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Is The Castration Of Horses Cruel?

Newcomers to the horse world are shocked to discover that most male horses are missing critical pieces of equipment. To these novice horse handlers, the practice of horse castration seems barbaric and cruel. However, if the procedure is inhumane, why do people continue to castrate their horses?

The castration of domestic horses is not cruel. While there can be some post-surgical pain, the procedure is not painful due to the use of local anesthetics. Castrated horses are safer to work with and have a better quality of life than uncastrated stallions.

The idea of castration can seem to be the height of cruelty, and yet loving horse owners continue to castrate their stallions and colts. What argument do they use to support the castration of horses?

Is It Cruel To Castrate Horses?

Castration is the surgical removal of a horse’s gonads, i.e., testicles in male horses.

Depending on the horse and the attending vet, the procedure may be performed in a standing or recumbent horse using sedation or general anesthesia.

Removal of the testicles causes a:

  1. Permanent decrease in the horse’s testosterone levels with a resulting decline in masculine behavior and muscle mass.
  2. A permanent inability to successfully sire foals, i.e., impotence.

While the castration sequelae may seem cruel when framed according to human understanding, horses do not share human perspectives. Many castrated male horses are happier and have a better quality of life than stallions.

Are Castrated Horses Upset Because They Cannot Sire Foals?

To humans, the right to have children is a fundamental right; it is as inviolable as the human right to freedom of speech and movement. Horses do not have the same concept of the future as humans and thus do not require offspring to leave as a legacy.

For stallions and geldings, the ability or inability to have foals is independent of the horse’s happiness.

Does A Castrated Horses Asexuality Harm It?

A sticking point for many people is the subconscious influence of sexual identity as a construct of self-identity. To humans, the loss of gender-specific characteristics and sexual fulfillment is a violation of the self, which they cannot justify.

However, horses do not have the same perceptions of self that humans do. Horses live in the moment and interact with the world in a pure, uncomplicated manner.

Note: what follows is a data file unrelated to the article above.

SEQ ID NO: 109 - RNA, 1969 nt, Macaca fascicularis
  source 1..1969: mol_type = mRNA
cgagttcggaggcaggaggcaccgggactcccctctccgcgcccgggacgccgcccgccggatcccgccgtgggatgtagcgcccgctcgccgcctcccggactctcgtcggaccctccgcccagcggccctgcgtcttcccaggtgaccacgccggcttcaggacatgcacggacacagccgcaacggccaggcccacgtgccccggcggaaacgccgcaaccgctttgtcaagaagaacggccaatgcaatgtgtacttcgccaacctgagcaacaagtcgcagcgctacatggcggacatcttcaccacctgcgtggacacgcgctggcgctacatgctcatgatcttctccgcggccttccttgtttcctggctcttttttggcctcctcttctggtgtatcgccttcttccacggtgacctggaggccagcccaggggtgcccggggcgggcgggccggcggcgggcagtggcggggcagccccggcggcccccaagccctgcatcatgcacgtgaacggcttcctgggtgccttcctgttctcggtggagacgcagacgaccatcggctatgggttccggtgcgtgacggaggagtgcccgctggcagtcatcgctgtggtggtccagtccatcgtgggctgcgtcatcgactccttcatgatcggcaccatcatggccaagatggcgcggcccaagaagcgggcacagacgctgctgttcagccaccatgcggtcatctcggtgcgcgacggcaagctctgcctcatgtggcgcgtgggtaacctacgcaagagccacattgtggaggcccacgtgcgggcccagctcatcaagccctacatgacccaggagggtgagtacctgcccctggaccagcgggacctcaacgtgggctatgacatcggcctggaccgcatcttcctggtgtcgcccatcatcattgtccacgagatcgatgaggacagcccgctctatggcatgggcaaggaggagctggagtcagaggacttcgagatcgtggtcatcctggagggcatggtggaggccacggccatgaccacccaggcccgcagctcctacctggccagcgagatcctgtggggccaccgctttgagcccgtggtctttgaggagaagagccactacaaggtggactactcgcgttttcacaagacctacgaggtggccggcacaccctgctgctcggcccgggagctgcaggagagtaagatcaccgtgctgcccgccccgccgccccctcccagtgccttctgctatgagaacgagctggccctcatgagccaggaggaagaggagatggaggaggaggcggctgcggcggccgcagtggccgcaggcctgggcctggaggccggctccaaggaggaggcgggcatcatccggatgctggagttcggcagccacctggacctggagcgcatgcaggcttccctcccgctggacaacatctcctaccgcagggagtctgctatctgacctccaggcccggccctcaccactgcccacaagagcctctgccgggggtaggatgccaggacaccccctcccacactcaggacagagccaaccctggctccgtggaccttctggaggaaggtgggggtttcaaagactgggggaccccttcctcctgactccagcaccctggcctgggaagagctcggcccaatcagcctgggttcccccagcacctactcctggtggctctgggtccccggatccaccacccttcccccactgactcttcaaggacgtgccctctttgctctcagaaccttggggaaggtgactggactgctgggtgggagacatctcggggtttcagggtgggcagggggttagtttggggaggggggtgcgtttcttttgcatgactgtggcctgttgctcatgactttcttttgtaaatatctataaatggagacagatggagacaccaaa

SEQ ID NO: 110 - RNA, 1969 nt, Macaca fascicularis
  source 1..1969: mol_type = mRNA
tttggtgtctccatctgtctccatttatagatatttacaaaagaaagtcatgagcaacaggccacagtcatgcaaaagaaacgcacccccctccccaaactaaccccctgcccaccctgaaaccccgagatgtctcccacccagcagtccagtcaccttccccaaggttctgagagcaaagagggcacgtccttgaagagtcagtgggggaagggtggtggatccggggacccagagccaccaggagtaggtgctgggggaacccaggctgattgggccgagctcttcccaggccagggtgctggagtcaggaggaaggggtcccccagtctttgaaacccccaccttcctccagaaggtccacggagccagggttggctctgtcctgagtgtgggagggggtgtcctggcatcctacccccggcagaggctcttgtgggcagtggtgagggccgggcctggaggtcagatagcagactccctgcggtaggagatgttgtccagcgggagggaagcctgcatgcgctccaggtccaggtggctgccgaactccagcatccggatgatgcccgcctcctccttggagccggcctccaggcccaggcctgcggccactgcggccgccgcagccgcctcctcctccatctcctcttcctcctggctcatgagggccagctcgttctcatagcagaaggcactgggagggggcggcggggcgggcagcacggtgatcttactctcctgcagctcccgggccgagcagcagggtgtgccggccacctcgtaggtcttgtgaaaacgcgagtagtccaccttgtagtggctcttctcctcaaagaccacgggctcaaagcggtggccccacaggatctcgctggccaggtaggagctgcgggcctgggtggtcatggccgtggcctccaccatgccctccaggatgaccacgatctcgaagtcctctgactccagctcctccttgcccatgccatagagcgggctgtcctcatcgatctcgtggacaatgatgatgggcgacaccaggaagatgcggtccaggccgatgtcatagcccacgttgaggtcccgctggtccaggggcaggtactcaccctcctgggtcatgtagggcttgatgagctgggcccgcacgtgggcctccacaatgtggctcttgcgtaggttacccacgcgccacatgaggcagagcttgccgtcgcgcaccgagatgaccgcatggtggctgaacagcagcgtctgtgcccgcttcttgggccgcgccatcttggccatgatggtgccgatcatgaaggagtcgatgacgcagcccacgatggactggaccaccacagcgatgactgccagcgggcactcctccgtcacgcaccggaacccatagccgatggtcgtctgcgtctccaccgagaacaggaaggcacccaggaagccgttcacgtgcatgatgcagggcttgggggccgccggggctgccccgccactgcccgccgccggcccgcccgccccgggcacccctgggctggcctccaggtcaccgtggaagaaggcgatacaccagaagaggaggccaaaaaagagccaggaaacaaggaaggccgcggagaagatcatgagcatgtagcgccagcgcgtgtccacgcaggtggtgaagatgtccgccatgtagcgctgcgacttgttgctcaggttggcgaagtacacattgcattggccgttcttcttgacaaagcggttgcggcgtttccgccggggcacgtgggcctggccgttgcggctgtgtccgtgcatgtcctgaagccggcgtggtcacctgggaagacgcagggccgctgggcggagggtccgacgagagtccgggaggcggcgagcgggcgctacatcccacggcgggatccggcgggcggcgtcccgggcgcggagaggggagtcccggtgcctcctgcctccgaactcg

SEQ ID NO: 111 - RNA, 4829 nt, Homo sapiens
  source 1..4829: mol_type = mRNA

Regardless of whether a horse is castrated or uncastrated, it will interact with the world according to its physical urges and motivations, not based on how it views itself. A castrated horse does not think of itself as a lesser being because it does not possess testicles.

Is Horse Castration Cruel Due To Lack Of Consent?

Another point of contention is consent, as horses cannot consent to castration. Many people argue that the permanent physical alteration was imposed on the horse, regardless of the horse’s wishes.

Owners cannot discuss the pros and cons of castration with their horses. Like the guardian of a minor, the owner must decide on behalf of the horse.

Based on observation and physiological stress reactions, the horse industry has concluded that castrated horses are not only safer and easier to work with but are also more relaxed and less stressed than uncastrated horses.

The decision to castrate a horse is made with the best intention based on the current body of evidence.

Is Castration Painful For Horses?

Castration can be performed in one of two ways:

  1. The standing horse is sedated, and a local anesthetic is injected into the testicular area.
  2. Under general anesthesia, the horse is placed on its side, and local anesthetic is injected into the testicular area.

The sedation and local anesthetic used in castration numb the surgical site; the horse does not feel pain during the surgery. The horse may experience swelling along its sheath, groin area, and thighs post-operatively.

The first 3 to 4 days after castration are the most painful; however, veterinarians will give the owner painkillers for the horse. To reduce inflammation, owners are encouraged to exercise the horse and hose down the swollen areas with cold water.

Within three weeks, most horses are fully healed and none the worse for wear.